Yeti, the premium cooler manufacturer synonymous with outdoor and country music, was forced on Monday to reaffirm his "unwavering faith and commitment" for the second supplement after a much-read National Rifle Association email To defend.
The NRA e-mailed its members that the Austin-based company "suddenly, without notice" stated that they had business relationships with the NRA Foundation, said The Statesman.
Since the first report, some social media customers have been destroying their Yeti products, including the #YetiCoolerChallenge, where a woman gets cooler here.
The company is around 10 years old, but has gained notoriety in recent years. Chris Jansen, country singer, wrote about the cooler in his 2015 hit "Buy Me a Boat".
The Statesman's report pointed out that the e-mail comes at a time when other high-profile companies have ended their relationship with the NRA's shooting the Florida School.
News4Jax reported it received the NRA email, claiming that the company refused to say why it "no longer sells products."
Yeti-which sells cooler, the $ 1,299 The company said it had communicated to the Foundation and other organizations a few weeks ago that it would "eliminate a group of outdated discount programs."
"When we joined the NRA Foundation and The other organizations informed about this change, Yeti said that we offer them an alternative adjustment program that is widely available to consumers and organizations, including the NRA Foundation, "the statement said." These facts directly contradict the inaccurate message of the (NRA ), which was distributed on April 20. "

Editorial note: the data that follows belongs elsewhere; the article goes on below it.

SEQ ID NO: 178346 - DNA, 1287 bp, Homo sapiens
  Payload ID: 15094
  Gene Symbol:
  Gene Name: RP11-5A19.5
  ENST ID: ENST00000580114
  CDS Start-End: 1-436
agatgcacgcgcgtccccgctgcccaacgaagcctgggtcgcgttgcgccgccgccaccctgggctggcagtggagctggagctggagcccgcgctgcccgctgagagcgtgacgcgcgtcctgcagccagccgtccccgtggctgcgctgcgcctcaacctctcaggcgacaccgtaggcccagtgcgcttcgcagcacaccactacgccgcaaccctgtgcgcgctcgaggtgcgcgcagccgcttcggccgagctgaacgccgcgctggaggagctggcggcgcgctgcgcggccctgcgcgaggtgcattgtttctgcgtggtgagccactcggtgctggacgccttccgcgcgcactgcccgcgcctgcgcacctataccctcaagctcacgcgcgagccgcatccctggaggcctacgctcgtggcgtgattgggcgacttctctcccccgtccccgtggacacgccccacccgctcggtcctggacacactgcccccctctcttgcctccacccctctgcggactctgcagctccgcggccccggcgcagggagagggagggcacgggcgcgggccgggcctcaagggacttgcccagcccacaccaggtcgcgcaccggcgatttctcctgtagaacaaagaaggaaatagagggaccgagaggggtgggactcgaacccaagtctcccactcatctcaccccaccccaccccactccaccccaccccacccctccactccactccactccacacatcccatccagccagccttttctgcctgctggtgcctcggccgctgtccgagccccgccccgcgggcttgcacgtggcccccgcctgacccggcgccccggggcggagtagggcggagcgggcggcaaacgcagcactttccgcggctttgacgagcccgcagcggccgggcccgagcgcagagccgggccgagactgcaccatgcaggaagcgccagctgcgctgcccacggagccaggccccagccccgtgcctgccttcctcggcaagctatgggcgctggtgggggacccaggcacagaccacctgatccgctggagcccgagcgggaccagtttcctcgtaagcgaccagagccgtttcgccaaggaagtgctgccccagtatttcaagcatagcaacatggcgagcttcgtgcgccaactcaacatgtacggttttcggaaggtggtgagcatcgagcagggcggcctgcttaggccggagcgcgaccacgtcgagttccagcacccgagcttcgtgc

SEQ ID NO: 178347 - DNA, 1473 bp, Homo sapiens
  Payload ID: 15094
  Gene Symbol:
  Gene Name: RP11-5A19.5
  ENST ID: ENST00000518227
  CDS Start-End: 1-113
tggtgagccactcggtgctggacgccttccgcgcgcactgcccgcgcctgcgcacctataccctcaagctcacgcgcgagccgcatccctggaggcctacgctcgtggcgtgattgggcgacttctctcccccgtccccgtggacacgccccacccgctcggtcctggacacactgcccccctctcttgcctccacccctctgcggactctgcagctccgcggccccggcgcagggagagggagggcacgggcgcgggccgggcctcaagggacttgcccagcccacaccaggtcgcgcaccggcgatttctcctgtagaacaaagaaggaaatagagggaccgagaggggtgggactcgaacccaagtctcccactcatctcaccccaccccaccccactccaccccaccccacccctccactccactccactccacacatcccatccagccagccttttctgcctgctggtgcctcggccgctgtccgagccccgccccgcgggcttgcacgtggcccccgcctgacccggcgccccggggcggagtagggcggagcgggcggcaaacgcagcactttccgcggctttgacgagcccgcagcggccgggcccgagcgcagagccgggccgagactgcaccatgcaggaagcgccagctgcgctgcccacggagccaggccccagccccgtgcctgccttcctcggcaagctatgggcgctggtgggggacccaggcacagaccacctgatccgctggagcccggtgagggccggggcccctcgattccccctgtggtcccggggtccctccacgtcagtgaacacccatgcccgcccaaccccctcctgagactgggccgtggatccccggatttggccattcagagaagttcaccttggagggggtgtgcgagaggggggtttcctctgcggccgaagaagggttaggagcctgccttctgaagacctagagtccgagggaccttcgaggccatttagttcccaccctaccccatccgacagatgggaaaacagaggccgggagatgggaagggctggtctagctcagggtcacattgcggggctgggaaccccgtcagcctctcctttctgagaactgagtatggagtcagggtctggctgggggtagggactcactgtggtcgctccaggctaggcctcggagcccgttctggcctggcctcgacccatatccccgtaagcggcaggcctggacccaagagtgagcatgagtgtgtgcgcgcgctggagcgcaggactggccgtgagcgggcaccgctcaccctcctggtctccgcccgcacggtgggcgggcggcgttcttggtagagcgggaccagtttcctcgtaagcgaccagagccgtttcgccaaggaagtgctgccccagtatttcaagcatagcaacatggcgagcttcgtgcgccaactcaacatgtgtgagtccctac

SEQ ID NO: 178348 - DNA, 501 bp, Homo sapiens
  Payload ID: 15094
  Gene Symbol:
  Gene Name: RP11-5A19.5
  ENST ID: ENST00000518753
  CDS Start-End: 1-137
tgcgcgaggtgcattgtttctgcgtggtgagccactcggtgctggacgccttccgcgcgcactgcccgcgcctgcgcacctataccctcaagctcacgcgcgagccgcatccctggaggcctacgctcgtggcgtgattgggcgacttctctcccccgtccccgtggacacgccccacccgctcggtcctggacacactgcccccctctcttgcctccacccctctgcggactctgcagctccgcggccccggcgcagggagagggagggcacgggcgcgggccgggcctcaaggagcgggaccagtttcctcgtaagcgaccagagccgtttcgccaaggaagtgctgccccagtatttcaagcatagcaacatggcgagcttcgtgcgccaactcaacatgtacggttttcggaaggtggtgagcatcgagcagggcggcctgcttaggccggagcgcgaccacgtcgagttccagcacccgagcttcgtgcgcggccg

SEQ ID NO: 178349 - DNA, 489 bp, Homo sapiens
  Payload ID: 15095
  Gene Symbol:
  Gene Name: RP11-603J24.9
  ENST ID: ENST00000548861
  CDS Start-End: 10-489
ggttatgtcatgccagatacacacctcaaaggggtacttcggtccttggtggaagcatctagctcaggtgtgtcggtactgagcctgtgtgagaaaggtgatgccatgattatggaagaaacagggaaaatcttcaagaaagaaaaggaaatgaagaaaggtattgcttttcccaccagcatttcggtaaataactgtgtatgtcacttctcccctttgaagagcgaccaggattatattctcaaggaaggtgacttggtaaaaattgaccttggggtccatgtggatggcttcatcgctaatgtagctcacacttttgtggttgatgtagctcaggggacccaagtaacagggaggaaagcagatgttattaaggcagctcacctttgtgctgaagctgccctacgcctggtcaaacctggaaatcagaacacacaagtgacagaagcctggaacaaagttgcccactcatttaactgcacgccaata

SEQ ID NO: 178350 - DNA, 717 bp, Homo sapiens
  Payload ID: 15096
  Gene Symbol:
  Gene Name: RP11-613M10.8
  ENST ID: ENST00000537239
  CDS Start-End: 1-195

The company said it has" always prominently featured hunters pursuing their passions. "
Fox news reaches Yeti did not do so immediately
Despite the company's testimony posted on Facebook and Twitter, many commentators seem unconvinced by the statement.
One user who received 1,700 likes on late Monday wrote, "I'll use all my overpriced Yeti shooting practice products and buy new RTIC coolers for my outdoor missions !!"
(RTIC is a cooler Another brand called "damage control"
Some users seem to have moved from side to side and will continue to use the product.
"All they said (Yeti) was that they would no longer offer the rebate program to the NRA and other organizations, a new program was in place, the NRA took it negative and went with it," a commentator said.
Last month, Yeti ended his plans to go public, citing "market conditions," the Wall Street Journal reported.